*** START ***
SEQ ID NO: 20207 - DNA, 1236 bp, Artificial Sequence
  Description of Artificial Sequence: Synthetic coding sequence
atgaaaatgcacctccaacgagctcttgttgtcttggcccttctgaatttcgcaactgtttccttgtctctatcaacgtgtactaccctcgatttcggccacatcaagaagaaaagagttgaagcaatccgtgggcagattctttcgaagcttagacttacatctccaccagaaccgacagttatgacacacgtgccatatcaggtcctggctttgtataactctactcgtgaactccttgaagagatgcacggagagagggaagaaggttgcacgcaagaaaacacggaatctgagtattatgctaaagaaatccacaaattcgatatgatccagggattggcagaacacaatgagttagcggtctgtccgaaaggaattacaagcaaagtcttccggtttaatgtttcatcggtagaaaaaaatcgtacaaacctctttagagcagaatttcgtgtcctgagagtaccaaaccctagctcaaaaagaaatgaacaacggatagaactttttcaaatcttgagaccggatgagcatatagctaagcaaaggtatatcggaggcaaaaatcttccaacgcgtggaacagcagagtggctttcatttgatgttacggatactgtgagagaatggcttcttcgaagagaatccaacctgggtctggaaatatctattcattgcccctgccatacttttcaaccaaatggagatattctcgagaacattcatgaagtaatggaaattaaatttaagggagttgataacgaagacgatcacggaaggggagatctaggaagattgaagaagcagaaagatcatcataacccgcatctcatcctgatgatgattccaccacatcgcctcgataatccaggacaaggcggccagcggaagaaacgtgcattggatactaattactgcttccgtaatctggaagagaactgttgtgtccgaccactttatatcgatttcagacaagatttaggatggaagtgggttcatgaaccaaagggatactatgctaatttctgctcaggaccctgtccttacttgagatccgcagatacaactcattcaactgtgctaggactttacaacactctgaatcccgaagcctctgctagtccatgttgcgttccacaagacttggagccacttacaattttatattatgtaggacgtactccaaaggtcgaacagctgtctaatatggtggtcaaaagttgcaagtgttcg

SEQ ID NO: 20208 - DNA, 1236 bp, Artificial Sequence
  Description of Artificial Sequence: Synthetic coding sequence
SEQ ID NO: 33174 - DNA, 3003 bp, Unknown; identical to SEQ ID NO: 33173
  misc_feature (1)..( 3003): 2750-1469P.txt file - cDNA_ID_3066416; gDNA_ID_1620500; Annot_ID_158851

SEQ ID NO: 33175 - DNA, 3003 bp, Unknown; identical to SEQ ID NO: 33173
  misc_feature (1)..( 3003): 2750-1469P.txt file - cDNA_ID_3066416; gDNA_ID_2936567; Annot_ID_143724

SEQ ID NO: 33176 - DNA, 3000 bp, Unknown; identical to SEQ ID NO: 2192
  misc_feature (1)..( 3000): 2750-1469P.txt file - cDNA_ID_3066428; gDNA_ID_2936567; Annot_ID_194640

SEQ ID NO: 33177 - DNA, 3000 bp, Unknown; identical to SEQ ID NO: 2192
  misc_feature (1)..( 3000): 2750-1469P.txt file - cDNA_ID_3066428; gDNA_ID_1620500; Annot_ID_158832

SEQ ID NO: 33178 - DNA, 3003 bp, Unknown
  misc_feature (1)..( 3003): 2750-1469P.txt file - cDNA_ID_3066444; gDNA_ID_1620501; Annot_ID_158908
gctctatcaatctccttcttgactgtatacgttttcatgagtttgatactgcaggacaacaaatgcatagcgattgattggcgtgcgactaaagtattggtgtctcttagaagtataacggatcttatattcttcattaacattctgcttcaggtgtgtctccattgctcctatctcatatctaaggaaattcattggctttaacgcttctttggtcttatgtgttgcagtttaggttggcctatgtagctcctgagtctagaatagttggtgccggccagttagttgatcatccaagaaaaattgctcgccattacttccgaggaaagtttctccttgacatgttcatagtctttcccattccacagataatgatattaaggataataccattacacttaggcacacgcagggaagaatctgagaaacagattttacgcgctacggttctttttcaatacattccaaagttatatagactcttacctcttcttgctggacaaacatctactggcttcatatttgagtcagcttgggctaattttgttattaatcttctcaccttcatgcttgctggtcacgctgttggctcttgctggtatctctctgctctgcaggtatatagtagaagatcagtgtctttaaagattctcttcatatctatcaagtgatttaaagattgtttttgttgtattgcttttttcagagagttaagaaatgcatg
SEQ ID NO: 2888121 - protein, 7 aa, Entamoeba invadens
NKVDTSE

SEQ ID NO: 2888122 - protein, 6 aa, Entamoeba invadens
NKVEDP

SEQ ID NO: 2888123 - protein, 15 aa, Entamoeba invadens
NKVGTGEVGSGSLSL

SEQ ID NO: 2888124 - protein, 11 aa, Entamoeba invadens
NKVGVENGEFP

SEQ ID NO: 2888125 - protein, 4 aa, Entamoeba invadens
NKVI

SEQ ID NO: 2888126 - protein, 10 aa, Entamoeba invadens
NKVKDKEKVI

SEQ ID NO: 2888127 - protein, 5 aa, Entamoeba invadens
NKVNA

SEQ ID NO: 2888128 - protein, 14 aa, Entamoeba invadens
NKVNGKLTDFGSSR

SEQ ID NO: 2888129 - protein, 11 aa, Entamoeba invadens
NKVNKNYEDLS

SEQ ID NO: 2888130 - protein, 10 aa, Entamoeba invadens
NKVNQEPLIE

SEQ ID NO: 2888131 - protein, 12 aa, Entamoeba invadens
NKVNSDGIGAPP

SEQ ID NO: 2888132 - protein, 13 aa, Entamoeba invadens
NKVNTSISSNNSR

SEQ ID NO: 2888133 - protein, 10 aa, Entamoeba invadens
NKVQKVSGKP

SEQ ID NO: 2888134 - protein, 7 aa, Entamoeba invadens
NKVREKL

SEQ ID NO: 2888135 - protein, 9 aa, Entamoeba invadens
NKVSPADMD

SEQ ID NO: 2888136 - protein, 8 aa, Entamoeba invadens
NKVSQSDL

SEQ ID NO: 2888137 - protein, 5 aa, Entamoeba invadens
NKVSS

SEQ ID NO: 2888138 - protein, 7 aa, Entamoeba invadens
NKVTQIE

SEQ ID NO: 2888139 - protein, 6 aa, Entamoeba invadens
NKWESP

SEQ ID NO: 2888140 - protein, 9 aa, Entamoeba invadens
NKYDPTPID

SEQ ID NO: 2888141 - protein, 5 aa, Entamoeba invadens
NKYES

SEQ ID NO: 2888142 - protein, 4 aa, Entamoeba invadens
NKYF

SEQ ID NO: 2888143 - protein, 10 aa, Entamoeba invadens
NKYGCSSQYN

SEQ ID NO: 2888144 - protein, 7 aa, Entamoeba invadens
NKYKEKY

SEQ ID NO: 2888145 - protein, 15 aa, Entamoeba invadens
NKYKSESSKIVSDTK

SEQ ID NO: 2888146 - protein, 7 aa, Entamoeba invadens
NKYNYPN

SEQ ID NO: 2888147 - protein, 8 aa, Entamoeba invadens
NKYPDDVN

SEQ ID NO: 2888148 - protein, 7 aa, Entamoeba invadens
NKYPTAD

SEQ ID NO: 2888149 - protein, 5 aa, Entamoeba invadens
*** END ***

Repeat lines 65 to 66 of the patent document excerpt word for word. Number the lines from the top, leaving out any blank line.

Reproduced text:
SEQ ID NO: 2888145 - protein, 15 aa, Entamoeba invadens
NKYKSESSKIVSDTK